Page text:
The Psychology of Guilting

Accusations of wrongdoing, and the saddling of males with a sense of guilt and shame, is used as a means to increase male labor and productivity – a result that works extremely well to the benefit of women, companies, and the State.

That formula can be stated simply as – Aggression, Guilt, Repair.

It refers to a psychological process that happens when someone commits a slightly destructive or aggressive act, and they notice the damage they have caused, or otherwise are made to notice the damage by others. This triggers a guilt reaction for feeling that one has damaged people they may care about and, after feeling guilty, they will typically move to repair the damage with benevolent gestures.

It doesn’t matter whether the claims of destructiveness are accurate, somewhat trumped up, or completely fabricated; it has the same effect of generating concern in the minds of the accused, who will react with various attempts to fix the problem and smooth it over.

This formula is laid out by pediatric psychiatrist Donald Winnicott1 who described the process already at work in earliest childhood, in infants who already show a concern over the results of their own destructiveness. Thus, when an infant bites his mother’s nipple, or screams and kicks, the mother typically gets frustrated, verbally upset and proceeds to walk away from the infant. At that moment the baby descends into what is described as a guilt state (becoming listless, crying, fearful), then when mother returns the baby goes all out trying to repair the damage – reaching out to hug mother, smiling, offering mother a rattle, etc. This is the process of aggression – guilt – repair,and it’s a cycle repeated thousands of times during everyone’s infancy.

It goes without saying that the repair effort is absolutely vital to any infant who is dependent on his mother for existence, and therefore we all carry that primal fear of loss when momma walks out of the room…… will she return? As a social and pair-bonding species the concern is real, and it probably goes a long way to explaining the popular cliché “If momma aint happy, aint nobody happy!” This sentiment is likely a hangover from childhood experience, one that can be exploited in adult relationships via acts of coldness; in the proverbial “silent treatment” or other forms of threat to a stable bond.

Winnicott contends that the aggression–guilt–repair cycle underlies all productivity in the wider social space; ie. that people wish to contribute into society to atone for supposed past destructiveness, no matter how insignificant, or to contribute as an atonement for future destructiveness that has not yet happened (and may never happen!). People want to feel good with the world, thus by contributing to people and the society around them they store up capital in their reparative bank accounts – often in the form of labor and sharing of finances, or otherwise via the currency of thoughtful gestures, deference, verbal compliments and the like.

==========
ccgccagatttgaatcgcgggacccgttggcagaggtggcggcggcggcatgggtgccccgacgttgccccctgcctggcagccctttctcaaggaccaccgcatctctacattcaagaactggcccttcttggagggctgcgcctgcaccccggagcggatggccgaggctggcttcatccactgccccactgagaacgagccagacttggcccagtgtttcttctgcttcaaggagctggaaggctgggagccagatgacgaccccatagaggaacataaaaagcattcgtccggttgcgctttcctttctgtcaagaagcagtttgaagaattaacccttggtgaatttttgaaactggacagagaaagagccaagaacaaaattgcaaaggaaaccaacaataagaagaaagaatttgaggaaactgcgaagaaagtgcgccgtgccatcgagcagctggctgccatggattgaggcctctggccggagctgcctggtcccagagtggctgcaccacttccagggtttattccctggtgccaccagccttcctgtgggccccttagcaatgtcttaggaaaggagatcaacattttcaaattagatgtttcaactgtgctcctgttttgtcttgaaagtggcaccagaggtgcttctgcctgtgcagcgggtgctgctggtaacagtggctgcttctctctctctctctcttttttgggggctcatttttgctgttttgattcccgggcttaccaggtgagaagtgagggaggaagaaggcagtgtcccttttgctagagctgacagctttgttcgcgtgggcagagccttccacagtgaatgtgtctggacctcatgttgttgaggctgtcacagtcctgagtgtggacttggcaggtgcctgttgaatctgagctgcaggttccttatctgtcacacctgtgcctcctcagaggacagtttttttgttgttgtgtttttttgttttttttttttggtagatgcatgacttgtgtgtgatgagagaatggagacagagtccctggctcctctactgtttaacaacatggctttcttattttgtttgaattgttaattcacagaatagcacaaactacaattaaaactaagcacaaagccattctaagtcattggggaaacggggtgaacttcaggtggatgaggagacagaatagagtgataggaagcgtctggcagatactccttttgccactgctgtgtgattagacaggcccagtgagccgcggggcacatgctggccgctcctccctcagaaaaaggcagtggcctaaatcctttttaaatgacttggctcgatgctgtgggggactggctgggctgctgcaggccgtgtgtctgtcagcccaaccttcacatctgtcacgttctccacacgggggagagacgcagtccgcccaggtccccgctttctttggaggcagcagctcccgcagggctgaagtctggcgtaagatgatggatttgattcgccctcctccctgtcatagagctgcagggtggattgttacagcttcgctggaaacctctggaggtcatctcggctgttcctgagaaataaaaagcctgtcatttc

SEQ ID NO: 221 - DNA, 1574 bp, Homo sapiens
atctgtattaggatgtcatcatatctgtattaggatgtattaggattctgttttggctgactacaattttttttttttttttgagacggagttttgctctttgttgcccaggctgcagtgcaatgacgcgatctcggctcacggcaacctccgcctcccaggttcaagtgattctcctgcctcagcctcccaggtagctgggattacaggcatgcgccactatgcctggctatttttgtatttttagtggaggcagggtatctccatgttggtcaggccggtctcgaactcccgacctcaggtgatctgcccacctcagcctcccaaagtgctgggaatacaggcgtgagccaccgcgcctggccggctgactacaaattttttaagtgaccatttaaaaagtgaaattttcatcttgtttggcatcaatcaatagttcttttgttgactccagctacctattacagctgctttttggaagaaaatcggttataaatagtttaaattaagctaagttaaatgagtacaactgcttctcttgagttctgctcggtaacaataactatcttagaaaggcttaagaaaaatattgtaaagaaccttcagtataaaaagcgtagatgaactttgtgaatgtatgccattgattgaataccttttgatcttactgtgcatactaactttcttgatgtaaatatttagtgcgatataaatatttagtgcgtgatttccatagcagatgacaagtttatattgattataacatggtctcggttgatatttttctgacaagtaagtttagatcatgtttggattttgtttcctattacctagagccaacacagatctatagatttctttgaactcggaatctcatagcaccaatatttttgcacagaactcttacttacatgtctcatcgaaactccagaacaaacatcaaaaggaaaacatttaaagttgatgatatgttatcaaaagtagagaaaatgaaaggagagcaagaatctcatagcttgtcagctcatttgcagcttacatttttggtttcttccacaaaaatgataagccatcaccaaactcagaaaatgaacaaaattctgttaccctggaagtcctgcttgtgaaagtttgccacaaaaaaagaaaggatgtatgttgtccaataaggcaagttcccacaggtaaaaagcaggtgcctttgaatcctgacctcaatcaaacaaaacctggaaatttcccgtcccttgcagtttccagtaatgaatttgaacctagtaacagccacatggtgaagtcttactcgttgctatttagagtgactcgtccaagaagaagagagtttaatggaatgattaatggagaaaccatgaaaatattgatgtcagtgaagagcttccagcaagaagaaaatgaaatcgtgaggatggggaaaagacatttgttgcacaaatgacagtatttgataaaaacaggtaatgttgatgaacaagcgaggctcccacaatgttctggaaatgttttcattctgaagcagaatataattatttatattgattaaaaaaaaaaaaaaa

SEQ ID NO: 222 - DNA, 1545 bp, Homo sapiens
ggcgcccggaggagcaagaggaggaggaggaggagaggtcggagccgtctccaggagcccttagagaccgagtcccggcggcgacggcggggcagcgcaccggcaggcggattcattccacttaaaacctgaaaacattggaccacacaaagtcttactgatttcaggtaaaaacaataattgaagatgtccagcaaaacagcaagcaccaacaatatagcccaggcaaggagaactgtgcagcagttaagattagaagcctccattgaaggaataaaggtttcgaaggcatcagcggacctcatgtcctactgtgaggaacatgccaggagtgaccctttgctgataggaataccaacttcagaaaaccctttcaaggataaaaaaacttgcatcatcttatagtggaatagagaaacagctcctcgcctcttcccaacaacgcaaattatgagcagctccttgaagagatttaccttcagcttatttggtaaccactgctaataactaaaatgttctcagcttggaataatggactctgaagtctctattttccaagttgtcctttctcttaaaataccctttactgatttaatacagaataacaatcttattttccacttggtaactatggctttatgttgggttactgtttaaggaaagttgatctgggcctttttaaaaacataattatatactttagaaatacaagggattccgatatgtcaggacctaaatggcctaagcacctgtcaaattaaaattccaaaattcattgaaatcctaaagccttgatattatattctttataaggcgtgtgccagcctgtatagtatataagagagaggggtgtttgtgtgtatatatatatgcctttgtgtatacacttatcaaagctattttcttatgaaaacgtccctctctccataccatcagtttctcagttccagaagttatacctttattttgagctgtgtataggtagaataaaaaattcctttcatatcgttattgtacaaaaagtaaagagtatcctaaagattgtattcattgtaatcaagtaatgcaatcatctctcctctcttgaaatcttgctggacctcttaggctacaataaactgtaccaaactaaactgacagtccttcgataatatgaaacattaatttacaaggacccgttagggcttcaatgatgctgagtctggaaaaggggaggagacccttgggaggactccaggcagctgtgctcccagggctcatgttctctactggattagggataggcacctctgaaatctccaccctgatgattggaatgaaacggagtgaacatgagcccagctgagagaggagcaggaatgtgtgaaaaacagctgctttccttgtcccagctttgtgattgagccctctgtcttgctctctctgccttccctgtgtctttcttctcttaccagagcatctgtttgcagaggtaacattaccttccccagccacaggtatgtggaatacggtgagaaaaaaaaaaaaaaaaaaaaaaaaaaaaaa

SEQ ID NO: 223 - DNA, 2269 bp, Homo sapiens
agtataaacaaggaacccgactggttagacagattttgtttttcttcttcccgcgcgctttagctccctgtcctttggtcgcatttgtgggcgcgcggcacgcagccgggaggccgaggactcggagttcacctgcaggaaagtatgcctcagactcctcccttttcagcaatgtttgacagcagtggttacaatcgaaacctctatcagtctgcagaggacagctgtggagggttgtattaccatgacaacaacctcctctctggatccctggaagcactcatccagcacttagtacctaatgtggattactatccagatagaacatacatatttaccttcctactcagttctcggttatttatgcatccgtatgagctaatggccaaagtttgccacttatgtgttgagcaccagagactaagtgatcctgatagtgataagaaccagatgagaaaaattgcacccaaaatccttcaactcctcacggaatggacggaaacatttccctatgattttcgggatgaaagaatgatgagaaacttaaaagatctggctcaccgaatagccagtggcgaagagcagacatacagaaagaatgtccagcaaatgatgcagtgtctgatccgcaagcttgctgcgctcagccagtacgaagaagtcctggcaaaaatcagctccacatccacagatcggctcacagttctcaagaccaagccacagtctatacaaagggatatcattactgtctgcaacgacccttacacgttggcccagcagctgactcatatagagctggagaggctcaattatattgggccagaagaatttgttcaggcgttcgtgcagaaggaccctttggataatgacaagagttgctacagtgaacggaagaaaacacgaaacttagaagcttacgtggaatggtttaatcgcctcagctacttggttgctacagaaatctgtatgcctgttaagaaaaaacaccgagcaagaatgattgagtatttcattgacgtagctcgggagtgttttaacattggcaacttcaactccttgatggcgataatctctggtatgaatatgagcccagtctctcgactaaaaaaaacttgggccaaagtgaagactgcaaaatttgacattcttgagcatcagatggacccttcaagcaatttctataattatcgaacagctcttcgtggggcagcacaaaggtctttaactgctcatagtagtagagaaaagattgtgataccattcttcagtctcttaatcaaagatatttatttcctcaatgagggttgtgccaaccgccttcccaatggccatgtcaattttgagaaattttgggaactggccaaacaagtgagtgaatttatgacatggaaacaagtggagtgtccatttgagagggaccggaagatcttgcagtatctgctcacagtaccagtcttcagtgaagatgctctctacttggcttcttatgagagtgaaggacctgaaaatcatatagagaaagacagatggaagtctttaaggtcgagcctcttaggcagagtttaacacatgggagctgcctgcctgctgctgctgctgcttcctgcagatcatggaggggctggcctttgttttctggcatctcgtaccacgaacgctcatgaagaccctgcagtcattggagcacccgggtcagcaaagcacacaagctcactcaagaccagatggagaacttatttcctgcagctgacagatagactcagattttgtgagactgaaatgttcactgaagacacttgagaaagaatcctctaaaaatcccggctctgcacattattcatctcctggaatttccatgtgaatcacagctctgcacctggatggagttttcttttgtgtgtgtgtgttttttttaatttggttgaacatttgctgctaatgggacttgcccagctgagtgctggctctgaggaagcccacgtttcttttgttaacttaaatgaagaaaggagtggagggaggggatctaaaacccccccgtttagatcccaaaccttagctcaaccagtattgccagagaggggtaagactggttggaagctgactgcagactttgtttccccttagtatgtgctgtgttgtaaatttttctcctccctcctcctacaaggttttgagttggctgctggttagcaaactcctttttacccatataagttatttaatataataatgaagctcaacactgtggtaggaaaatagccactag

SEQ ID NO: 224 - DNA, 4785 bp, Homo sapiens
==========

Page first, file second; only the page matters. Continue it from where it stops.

When we consider that the reparative gestures more often take the form of labor – especially men’s labor – we could perhaps equally render Winnicott’s formula as Aggression – Guilt – Labor, and lose nothing of its meaning.

Here we note that the phrase ’emotional labor’ takes on a whole new, and very male sense.

On a more tangible level I’ve talked with a lot of men who admitted that when they feel they’ve done something bad, no matter how minor, or that they’ve done something destructive in the eyes of their wife or partner, they go all-out trying to repair the damage.  They may give her a bunch of flowers, or they might labor around the yard or paint the interior of the house or some other manual task, and via these constant reparative gestures they tend to provide far more labor than would normally be the case. This unfortunately can become a sick game between couples; if a man (or woman) can be made to feel bad enough, and frequently enough, they become pathologically productive.

To that end, many men feel that their wives have become daughters of B. F. Skinner, regularly hearing the nagging din of “You’ve been very insensitive to me recently, and you haven’t even painted the house yet!” or “You never show me any love gestures!”

The myth of Greek hero Heracles is paradigmatic of this cycle, showing the same pattern described by Winnicott in an endless loop; Heracles commits destructive deeds, feels guilt, and then attempts to repair the damage through hard labors. His desire to repair things often comes via contributing to society, by helpful assertions of strength to rid the world of monsters and lawless creatures, or performing useful engineering feats, while at the same time vigorously denying any weakness that would slow him down.  As Philip Slater observes;